- Green Minute
- Green Campuses
- Green Media
- Contact Us
Bloomberg Markets recently published their inaugural list of the world’s 20 Greenest Banks. So who do they pick to be the poster child for eco-conscious banking? Drum roll please…. it’s Banco Santander, the Spanish financial services giant.
U.S.-based banks had a decent showing with Goldman Sachs and Citigroup coming in at the #2 and #5 spots, respectively. In a list dominated by European institutions (14 of 20 are Euro-based), JP Morgan and State Street were the only other U.S. banks to make the top 20.
Before we examine the green credentials of the banks at the top of the list, let’s take a closer look at how Bloomberg arrived at their rankings.
Unlike Fortune Magazine’s list of the 10 most socially responsible companies in the world, Bloomberg was very clear about their scoring metrics. They started by only looking at banks with a minimum market capitalization of $10 billion (excluding smaller regional and community banks). They also eliminated those banks with insufficient published information about their environmental practices. This left a total of 188 banks in 49 different countries up for consideration.
Next, they examined each bank’s environmental track-record, taking into account both efforts to reduce carbon emissions in business activities as well as capital investments in clean energy projects. They considered CSR reports issued by the various banks, public filings and conducted phone interviews to verify the data.
From there, they ranked each bank in two categories: “making clean energy investments” (MCCI) and “reducing environmental impact” (REI). MCCI considered the bank’s investments in clean energy projects from 2004-2010, in terms of total deal count, dollars invested, and the megawatt capacity ofeach project. This category accounted for 70% of the bank’s score.
For REI, Bloomberg considered each bank’s effort to reduce emissions, promote energy efficiency and cut water consumption. They also incorporated a three-year momentum approach, putting the greatest weight on most recent data, thus rewarding those banks that had the most measurable multi-year carbon footprint and consumption declines. This category accounted for 30% of the bank’s score.
So, with that in mind, let’s take a closer look at the top 5 picks:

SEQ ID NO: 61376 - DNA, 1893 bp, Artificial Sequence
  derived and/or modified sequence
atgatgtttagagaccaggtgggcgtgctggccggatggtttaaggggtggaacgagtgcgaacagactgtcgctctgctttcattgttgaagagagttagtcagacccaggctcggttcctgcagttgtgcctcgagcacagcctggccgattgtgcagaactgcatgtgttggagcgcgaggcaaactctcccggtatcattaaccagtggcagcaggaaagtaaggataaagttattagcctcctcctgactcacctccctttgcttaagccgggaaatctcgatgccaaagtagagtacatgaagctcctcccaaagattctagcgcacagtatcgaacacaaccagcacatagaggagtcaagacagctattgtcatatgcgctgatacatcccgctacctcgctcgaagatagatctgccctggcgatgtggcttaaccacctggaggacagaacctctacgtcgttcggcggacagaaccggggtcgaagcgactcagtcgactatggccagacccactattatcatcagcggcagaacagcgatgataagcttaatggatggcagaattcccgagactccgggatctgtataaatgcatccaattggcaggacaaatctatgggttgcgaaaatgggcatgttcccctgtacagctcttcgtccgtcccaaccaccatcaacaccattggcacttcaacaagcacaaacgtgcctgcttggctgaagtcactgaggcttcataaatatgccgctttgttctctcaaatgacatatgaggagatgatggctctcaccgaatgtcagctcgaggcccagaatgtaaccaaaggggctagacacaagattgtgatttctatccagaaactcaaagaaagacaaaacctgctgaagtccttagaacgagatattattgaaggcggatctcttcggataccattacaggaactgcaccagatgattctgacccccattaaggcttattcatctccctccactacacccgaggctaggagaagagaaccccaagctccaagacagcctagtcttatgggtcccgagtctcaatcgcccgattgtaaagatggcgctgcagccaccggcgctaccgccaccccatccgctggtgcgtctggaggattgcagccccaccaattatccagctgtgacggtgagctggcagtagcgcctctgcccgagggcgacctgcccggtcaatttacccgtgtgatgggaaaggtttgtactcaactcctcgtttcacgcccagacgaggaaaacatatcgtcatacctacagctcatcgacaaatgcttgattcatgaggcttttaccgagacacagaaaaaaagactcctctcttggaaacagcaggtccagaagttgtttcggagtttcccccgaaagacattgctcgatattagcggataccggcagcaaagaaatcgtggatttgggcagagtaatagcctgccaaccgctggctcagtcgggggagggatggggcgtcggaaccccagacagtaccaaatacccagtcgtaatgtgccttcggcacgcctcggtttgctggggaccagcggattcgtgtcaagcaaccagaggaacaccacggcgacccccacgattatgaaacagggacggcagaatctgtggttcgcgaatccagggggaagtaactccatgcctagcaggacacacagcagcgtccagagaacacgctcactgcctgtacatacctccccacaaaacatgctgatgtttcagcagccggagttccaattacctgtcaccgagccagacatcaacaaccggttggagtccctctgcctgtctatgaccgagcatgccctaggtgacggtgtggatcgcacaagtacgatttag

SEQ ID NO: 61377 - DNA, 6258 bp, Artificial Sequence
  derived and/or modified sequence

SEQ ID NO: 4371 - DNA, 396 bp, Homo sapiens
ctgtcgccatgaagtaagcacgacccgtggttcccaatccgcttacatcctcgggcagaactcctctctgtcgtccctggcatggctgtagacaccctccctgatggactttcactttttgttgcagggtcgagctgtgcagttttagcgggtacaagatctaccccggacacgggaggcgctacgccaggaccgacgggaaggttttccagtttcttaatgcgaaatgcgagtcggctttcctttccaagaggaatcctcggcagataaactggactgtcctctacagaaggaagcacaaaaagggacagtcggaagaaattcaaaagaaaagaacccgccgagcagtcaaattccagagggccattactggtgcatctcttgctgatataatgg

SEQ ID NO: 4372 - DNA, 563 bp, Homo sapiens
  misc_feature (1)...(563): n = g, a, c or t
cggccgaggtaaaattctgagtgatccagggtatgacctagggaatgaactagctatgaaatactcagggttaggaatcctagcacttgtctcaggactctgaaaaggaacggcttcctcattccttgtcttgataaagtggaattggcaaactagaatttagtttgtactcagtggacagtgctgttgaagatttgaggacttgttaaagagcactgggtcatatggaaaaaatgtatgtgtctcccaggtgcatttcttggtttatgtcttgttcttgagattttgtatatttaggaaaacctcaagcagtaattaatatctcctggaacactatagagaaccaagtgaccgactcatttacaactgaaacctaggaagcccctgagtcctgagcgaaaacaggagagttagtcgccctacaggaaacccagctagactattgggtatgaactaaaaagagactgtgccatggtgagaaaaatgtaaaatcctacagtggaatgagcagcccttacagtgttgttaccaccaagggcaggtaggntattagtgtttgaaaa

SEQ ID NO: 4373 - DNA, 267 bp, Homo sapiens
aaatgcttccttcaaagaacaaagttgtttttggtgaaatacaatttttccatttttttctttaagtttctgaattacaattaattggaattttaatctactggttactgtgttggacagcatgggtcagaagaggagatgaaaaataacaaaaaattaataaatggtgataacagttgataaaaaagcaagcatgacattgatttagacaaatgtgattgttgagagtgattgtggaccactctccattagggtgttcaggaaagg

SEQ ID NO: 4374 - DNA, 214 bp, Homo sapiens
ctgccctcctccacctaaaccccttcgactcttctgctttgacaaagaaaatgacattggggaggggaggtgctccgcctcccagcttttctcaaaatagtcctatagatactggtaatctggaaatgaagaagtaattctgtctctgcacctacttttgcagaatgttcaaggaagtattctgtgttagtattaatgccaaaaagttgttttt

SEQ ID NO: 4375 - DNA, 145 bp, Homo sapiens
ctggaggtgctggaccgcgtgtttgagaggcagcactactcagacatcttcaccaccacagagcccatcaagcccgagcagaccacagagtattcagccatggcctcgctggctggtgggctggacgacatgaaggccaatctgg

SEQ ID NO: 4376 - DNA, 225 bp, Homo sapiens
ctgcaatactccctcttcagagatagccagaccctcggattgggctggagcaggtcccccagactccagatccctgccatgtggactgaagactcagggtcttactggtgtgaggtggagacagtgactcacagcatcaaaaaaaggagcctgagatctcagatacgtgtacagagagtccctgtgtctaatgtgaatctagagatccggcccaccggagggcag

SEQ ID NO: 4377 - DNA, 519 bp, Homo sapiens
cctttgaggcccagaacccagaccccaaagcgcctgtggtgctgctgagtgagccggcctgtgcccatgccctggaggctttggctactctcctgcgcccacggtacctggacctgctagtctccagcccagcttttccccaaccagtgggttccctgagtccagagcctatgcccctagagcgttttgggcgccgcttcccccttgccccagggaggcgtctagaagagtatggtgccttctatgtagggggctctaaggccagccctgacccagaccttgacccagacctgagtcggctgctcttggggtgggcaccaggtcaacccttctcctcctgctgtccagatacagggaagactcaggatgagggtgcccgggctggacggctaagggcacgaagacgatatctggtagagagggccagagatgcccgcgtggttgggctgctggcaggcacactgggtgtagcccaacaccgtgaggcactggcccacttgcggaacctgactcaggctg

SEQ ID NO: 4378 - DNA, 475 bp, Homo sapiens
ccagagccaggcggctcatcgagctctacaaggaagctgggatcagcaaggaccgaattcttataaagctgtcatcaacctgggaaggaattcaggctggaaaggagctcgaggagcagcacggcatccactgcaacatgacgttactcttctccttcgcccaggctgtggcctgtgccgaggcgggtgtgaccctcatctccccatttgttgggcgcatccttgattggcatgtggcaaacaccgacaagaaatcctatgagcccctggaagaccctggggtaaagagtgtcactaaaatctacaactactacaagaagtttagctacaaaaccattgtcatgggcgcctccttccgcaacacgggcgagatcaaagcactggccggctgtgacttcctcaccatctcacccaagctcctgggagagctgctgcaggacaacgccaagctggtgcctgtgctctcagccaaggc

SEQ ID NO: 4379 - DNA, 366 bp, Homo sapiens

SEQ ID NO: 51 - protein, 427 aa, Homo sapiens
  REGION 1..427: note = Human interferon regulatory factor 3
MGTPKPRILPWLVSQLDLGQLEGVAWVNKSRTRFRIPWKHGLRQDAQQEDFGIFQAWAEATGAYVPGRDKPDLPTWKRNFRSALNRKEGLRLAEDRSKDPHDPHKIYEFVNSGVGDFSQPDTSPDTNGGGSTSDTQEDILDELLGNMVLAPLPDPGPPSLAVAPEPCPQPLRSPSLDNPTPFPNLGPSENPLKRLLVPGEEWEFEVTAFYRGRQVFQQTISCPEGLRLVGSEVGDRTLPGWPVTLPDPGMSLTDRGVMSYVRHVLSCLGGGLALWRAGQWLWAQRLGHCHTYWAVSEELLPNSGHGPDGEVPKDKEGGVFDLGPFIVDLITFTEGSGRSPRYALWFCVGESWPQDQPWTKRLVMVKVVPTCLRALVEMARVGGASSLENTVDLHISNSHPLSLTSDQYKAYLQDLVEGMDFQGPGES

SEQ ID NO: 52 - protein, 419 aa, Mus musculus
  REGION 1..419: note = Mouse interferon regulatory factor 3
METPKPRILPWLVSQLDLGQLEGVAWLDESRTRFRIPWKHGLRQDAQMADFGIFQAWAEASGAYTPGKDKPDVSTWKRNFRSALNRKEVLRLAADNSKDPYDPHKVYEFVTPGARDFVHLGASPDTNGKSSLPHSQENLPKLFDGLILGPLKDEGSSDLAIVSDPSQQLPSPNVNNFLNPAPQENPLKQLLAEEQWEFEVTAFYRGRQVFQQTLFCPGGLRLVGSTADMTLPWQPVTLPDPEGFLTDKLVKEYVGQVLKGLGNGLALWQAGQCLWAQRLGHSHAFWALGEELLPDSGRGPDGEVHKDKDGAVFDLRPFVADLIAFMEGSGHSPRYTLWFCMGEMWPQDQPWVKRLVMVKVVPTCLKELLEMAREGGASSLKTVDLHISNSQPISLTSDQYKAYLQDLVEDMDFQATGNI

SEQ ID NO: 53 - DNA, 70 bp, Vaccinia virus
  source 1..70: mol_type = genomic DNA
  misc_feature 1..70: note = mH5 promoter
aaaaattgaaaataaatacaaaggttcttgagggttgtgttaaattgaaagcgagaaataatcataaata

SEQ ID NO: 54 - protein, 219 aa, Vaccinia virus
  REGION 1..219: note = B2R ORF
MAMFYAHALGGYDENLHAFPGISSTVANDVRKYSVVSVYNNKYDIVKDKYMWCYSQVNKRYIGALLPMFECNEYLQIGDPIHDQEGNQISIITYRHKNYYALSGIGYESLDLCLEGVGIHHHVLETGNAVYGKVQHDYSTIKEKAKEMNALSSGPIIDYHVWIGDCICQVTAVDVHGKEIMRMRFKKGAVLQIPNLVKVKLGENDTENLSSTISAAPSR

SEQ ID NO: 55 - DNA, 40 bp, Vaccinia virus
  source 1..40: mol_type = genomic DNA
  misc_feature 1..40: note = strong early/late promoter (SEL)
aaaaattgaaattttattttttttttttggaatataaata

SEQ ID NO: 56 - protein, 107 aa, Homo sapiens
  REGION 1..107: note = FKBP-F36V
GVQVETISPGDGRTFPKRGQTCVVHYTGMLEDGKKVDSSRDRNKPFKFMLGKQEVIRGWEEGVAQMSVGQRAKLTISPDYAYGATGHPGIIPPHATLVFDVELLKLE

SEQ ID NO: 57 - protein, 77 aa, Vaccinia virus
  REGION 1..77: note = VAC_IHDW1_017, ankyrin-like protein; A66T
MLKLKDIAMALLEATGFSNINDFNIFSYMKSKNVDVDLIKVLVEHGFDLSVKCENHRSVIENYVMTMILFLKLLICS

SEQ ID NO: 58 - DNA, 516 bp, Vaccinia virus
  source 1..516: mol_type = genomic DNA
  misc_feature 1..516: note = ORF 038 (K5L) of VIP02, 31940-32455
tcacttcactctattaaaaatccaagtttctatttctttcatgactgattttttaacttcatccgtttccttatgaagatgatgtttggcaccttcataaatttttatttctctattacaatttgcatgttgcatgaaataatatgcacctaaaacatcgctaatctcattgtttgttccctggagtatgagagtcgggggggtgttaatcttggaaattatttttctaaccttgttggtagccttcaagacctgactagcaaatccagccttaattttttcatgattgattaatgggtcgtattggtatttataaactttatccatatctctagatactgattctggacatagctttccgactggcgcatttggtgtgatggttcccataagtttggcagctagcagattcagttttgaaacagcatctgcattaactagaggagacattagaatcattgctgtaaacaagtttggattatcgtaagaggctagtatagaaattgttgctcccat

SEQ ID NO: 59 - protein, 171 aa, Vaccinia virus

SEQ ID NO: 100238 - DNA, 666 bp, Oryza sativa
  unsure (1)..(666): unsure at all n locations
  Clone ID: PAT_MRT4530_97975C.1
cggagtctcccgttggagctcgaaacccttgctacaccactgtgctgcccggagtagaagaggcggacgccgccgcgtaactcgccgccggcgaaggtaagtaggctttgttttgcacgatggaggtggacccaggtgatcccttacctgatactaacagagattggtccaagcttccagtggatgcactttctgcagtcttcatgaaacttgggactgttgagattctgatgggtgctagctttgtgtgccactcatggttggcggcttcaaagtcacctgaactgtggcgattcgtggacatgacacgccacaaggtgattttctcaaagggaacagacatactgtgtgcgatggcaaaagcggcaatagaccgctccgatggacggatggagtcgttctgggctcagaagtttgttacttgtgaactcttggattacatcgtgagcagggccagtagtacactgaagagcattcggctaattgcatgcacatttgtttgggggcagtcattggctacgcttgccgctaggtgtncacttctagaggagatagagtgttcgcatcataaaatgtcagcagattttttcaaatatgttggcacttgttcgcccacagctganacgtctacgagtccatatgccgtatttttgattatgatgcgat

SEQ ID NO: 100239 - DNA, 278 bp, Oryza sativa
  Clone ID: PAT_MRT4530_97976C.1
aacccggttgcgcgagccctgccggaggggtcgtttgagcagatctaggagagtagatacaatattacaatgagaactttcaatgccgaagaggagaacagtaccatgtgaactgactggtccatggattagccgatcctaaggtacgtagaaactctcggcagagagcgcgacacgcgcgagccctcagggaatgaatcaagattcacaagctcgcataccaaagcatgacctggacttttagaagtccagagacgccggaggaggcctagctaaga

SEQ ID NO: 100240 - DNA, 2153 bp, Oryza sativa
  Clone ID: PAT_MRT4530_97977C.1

1. Banco Santander. This Spanish bank ranked 2nd in the MCCI category and 11th in the REI category. Santander has been very active in arranging financing for renewable energy projects worldwide. According to Bloomberg, their power project and acquisition finance division has closed 40 deals this year, 90% of which involved clean energy projects.
2. Goldman Sachs. Goldman ranked 1st in MCCI and 36th in REI. As is clear by the discrepancy in these two numbers, Goldman is ranked #2 based primarily on their investment banking prowess. Last year, they co-managed IPOS for both Enel Green Power SPA, the Rome based renewable energy power producer and Tesla, the electric car manufacturer.
3. Unicredit. This Italian bank ranked 3rd in MCCI and 30th in REI. According to Bloomberg, in 2010 Unicredit arranged $1.4 billion in loans for wind farms, solar plants and waste-to-energy generators.
4. Credit Suisse. This Swiss bank ranked 5th in MCCI and 20th in REI. Credit Suisse was also part of the banking group that underwrote the TeslaIPO. Since 2007, Credit Suisse has been involved in over 70 renewable energy deals with an aggregate value in excess of $30 billion.
5. Citigroup. Citi is ranked 6th in MCCI and 13th in REI. Citi played a key role in the financing of two of the largest wind power projects in UShistory: $1.43 billion for the Shephers Flat wind park in Oregon (the world’s largest) and $1.2 billion for Alta Wind Energy Center in California.
The remaining 15 banks on the top 20 list can be seen here.
So does this mean a socially responsible investor should move his or her money to one of these banks? Not necessarily. While these banks have been instrumental in the financing of renewable energy projects, there are other aspects of their businesses which, as many of us already know, aren’t terribly socially responsible.
So while it’s encouraging to see the big players in the banking world active in the clear energy market, it doesn’t mean they are the right fit for thetypical SRI investor. Community banks and credit unions, while excluded from this list, are still a great choice for those investors who are looking to avoid the too-big-to-fail crowd.
Image credit: Sophia zts
Author: Louis Berger